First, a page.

It’s difficult to stay positive or upbeat toward our political process after witnessing the latest twist and turn in our perpetually twisting and turning transit file here in Toronto. Once more politics trumped good planning. Too many of our elected representatives put personal electoral advantage (or fear of electoral retribution) above the best interests of this city, and called it the democratic process.
Subways love a leadership vacuum, it seems.
Although dispiriting, the outcome as it stands right now is hardly surprising. Any sort of rational discussion was short-circuited from the get-go with the entirely unwarranted vilification of LRTs and the framing of subways as somehow world class. Technology porn. No one in any high profile position of power stepped up to battle what was purely spin.
Not two premiers. Not x number of Transportation Ministers. No opposition leaders or sitting MPPs. Most certainly not the city’s TTC chair and the very friendly commissioners city council bestowed upon her after the battle to wrest control from the mayor.
To stand up against any of the proposed subway plans for Scarborough that emerged over the course of the last 3 years wasn’t perceived as defending a better plan or good governance. It was smeared as simply anti-mayor or anti-suburb. Facts and data figured little into the debate, easily brushed aside by emotion and resentment.
So it goes.
This is not new. I shouldn’t be surprised. Yet still I am.
While sifting through the dying embers of my political positivity, searching for some good news, I came across a two-week old article by John Lorinc and Josh Fullan, How to make civics class matter to kids. Kids?, I think. Why not make civics class matter to everyone?
Among other things, Josh Fullan is the creator of Maximum City, “a program for high school students that partners experts with teachers in the development and delivery of curriculum in urban design, youth engagement, and civic sustainability.” The idea is to get them interested in local politics (and I’m using that word as broadly as possible) early in order to hook them into a lifetime of engagement and awareness of the issues that will affect their daily lives.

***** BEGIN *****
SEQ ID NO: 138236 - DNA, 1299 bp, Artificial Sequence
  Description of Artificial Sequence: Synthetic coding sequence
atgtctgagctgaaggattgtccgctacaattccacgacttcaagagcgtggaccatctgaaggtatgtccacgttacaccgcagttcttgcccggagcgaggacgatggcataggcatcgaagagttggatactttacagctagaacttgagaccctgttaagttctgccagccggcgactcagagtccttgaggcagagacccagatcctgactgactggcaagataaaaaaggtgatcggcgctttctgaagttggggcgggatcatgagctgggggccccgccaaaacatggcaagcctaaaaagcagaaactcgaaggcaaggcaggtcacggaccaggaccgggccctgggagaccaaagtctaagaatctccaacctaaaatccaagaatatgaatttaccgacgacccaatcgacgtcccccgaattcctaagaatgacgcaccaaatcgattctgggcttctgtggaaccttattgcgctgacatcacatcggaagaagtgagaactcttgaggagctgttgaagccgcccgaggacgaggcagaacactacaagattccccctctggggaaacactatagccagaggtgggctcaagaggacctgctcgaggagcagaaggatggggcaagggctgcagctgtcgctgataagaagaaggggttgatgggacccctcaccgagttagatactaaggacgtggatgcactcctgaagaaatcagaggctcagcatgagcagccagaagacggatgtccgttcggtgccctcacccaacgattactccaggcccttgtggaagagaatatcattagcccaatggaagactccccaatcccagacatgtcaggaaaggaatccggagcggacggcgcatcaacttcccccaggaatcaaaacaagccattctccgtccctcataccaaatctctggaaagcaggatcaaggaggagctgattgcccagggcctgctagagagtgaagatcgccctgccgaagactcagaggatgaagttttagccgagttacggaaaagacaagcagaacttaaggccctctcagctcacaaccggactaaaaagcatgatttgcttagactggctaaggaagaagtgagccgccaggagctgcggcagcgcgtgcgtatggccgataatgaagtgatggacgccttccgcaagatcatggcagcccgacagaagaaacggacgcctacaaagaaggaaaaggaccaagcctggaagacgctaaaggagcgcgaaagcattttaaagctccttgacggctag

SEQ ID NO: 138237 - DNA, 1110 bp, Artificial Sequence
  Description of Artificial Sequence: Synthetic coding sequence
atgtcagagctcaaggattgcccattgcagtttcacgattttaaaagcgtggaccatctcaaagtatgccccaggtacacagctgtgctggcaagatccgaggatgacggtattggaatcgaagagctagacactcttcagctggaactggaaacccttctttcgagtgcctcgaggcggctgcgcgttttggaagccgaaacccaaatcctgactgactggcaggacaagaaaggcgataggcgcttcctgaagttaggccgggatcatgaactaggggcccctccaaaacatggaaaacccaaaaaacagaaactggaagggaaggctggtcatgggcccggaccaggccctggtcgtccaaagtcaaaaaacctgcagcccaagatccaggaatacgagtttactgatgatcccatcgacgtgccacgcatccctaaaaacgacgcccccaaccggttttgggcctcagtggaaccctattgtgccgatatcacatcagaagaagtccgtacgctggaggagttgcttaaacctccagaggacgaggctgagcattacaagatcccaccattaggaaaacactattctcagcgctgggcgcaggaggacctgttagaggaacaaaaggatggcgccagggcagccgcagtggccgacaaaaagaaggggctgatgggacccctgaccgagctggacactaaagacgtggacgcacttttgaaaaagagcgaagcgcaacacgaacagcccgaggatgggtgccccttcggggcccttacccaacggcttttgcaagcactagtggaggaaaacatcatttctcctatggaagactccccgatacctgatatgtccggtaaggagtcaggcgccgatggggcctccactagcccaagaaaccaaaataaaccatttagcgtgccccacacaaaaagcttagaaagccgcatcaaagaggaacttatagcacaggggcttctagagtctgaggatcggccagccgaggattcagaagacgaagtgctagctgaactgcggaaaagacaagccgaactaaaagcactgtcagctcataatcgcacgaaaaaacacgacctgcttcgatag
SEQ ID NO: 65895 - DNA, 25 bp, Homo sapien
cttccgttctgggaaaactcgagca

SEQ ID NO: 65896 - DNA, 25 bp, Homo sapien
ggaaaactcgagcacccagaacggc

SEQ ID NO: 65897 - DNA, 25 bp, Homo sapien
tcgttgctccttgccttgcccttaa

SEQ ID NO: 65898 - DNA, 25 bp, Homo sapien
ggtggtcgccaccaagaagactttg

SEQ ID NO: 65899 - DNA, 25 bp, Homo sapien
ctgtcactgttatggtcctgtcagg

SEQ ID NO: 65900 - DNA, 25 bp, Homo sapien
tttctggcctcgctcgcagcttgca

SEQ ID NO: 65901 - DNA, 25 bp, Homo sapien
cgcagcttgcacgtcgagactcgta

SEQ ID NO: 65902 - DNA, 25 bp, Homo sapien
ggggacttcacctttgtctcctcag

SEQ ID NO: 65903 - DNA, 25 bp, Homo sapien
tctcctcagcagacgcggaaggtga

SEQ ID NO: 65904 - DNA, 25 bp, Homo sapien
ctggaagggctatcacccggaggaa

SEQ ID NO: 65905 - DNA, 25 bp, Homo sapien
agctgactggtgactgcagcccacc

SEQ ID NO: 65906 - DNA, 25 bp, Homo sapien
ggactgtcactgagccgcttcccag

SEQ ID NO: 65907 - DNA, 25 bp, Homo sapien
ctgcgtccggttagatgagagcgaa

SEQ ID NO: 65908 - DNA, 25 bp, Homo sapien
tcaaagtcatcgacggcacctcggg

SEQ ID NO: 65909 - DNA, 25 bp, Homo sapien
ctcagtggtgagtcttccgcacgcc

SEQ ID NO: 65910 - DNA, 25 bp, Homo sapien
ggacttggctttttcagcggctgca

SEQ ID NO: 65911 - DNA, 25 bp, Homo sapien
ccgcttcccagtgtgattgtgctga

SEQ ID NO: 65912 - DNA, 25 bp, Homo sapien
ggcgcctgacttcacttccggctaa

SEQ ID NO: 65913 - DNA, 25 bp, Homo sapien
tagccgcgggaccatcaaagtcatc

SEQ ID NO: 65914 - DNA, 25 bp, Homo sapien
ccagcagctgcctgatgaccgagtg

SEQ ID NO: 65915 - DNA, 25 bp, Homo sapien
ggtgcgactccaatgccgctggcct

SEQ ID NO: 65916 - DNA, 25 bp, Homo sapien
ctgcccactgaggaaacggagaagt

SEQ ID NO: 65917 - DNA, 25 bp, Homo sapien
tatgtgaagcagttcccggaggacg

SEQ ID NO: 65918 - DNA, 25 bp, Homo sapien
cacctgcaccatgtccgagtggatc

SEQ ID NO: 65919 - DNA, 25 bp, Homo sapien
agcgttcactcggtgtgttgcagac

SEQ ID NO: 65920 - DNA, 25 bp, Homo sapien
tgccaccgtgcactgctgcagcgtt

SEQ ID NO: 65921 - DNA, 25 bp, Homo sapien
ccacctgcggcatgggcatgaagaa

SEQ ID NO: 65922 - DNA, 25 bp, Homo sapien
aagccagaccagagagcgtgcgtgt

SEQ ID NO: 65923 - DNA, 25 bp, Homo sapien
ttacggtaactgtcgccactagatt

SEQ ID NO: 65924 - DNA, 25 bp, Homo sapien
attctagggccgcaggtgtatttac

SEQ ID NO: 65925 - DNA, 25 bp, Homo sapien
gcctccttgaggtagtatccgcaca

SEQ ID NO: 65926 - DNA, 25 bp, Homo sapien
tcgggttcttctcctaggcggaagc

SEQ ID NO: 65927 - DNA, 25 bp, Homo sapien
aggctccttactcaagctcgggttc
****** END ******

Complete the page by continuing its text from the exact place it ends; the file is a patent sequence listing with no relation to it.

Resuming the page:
Which would’ve come in handy if more of us had been exposed to the proper functioning of our local government and what it takes for a city to operate properly, equitably and healthily. Instead, once again, we were susceptible to the wall of misinformation that tore through the heart of the transit debate. No, LRTs are not simply glorified streetcars. No, speed should not be the key requirement of what type of transit you build. No, your neck of the woods doesn’t deserve one type of transit simply, well, because.
More importantly, an increased civics awareness enables people to get out in front of an issue rather than always fighting a rearguard battle. Knowledge allows people to define ideas and approaches. It’s proactive not reactive.
And let’s face it, this city has been reacting to an all out attack on its institutions since 2010. Defenders have been sluggish, always back on their heels, only counter-punching. Too few of us have the necessary vocabulary to battle what is nothing more than gut appeals and the most basic grunts of parochialism.
That’s something we only have ourselves to blame for. We can rail about the stupidity and willful ignorance of some but it’s on us to figure out how to start making a better case for proper city building. To do that, we have to know exactly how to go about achieving that.
Using this ‘city as a classroom’, as the article by John Lorinc and Josh Fullan suggests, may be something we don’t just establish for students. It’s time to head back to school for everybody who finds themselves increasingly despondent about the current turn of events in Toronto. Clearly, we’re all a little rusty when it comes to civics.
— keenly submitted by Cityslikr